If you were asked to name the biggest player in the graphics industry, you'd probably sway between either nVidia or AMD/ATI, but whichever of those two you might choose you'd be wrong. While the dedicated GPU market is thoroughly commanded by the red and green camps, Intel is surely and not at all slowly raking in cash for the blue corner with its integrated graphics solutions.
Most computer users aren't planning on playing anything more demanding than The Sims, or perhaps Zoo Tycoon and for that an 8800 GTX is just slightly overkill. With that in mind, nVidia is expanding its 6-series of motherboard chipsets in an attempt to cut a slice of that market out of Intel's pie.
Based on last generation's 7-series architecture, the integrated graphics solutions will come as follows: the nVidia GeForce 7150 and 7100 IGP on the nForce 630i chipset and the GeForce 7050 IGP on both the 630i and 610i chipset. All the chips are Vista Aero, DX9 and Shader Model 3.0 capable - although don't think you'll be playing BioShock.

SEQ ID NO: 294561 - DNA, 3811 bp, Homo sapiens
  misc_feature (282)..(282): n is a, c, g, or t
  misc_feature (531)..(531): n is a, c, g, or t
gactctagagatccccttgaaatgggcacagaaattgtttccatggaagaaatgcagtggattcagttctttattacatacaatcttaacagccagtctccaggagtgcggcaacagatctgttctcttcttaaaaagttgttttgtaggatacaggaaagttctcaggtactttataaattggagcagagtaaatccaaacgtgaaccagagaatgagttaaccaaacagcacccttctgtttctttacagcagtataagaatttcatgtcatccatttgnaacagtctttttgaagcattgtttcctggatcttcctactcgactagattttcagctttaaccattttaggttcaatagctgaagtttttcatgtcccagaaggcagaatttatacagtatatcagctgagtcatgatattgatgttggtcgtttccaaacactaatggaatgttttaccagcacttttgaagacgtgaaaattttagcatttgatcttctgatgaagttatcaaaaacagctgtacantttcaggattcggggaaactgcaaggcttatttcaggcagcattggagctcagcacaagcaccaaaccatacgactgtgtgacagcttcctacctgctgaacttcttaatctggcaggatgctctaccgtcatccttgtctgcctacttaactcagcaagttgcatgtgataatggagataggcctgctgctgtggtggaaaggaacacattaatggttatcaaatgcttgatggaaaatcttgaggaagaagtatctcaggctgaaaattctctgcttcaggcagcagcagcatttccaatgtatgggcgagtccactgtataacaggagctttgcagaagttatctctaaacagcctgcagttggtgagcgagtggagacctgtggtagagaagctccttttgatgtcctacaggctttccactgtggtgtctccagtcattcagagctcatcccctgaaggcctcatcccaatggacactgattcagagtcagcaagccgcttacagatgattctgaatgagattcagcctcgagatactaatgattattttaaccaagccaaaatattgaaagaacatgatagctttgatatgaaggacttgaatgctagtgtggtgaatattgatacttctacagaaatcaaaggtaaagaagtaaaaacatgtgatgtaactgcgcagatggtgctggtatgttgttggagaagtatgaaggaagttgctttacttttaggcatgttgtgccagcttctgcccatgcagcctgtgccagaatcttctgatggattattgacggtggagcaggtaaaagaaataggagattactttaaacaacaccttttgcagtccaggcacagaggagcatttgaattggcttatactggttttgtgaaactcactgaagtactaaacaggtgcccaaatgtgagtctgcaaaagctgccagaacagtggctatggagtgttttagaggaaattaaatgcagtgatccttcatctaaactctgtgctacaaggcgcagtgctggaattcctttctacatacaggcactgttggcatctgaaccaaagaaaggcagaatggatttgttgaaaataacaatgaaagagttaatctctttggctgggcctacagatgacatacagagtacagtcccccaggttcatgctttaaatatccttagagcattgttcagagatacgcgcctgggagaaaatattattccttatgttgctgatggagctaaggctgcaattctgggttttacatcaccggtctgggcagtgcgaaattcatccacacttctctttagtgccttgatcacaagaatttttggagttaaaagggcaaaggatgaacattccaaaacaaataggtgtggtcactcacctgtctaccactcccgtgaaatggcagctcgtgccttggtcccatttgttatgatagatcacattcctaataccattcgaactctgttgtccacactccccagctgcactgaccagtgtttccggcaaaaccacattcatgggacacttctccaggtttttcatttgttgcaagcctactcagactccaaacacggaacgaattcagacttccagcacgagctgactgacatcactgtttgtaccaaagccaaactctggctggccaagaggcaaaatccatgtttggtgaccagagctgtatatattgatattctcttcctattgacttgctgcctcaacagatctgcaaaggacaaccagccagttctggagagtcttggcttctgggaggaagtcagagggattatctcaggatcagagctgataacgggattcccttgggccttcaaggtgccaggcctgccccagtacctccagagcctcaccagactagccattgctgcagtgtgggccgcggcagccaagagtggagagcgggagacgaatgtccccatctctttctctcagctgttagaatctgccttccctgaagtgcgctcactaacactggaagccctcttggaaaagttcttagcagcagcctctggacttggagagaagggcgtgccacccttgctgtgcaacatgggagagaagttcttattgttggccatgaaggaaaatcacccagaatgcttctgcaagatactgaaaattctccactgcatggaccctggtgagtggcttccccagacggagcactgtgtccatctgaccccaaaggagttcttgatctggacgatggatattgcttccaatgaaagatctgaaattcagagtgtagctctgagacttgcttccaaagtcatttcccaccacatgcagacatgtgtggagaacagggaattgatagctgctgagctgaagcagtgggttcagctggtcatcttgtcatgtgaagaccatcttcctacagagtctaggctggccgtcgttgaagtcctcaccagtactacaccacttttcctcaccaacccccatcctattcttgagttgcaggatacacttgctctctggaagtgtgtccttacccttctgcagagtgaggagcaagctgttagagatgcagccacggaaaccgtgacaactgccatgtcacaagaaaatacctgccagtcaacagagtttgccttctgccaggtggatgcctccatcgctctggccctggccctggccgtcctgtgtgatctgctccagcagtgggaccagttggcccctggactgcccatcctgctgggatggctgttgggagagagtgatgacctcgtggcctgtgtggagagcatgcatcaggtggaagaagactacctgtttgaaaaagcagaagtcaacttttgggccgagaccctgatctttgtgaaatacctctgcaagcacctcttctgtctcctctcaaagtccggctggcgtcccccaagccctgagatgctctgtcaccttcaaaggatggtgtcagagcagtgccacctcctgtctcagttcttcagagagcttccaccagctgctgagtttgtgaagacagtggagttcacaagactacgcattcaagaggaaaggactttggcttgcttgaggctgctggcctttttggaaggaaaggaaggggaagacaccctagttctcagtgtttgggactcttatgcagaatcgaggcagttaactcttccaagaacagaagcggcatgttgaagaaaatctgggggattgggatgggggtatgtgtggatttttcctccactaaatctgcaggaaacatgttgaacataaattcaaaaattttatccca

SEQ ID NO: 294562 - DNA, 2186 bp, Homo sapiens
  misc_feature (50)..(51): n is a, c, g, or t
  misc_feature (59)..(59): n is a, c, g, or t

The 630i chipset offers support for 1,333MHz front-side bus processors, while the 610i is limited to 1,066MHz parts. Equally, the GeForce 7150 and 7100 chips can use up to 800MHz DDR2 RAM, while the 7050 chip can only cope with 667MHz memory. Also, while the former solutions offer HDMI and DVI outputs with HDCP, the 7050 forgoes all but a VGA output.
Other than the aforementioned graphical prowess the 600i chipset will also bring a single x16 and two x1 PCI Express slots, four 3Gbps SATA ports and two IDE connectors. Differentiating between the 630i and 610i is USB and LAN connectivity, with the former offering Gigabit Ethernet and 10 USB ports, while the latter comes with 100Mbit Ethernet and eight USB ports.
A IGP-free 630i option will also be coming, omitting only the graphics, while keeping all the other features. More importantly, price wise nVidia is aiming the 7100 and 630i pairing to compete with Intel's G33 Express solution, so pricing should be good. We can expect to see products popping up over the next few weeks, no doubt followed by various Shuttles and notebooks using the boards.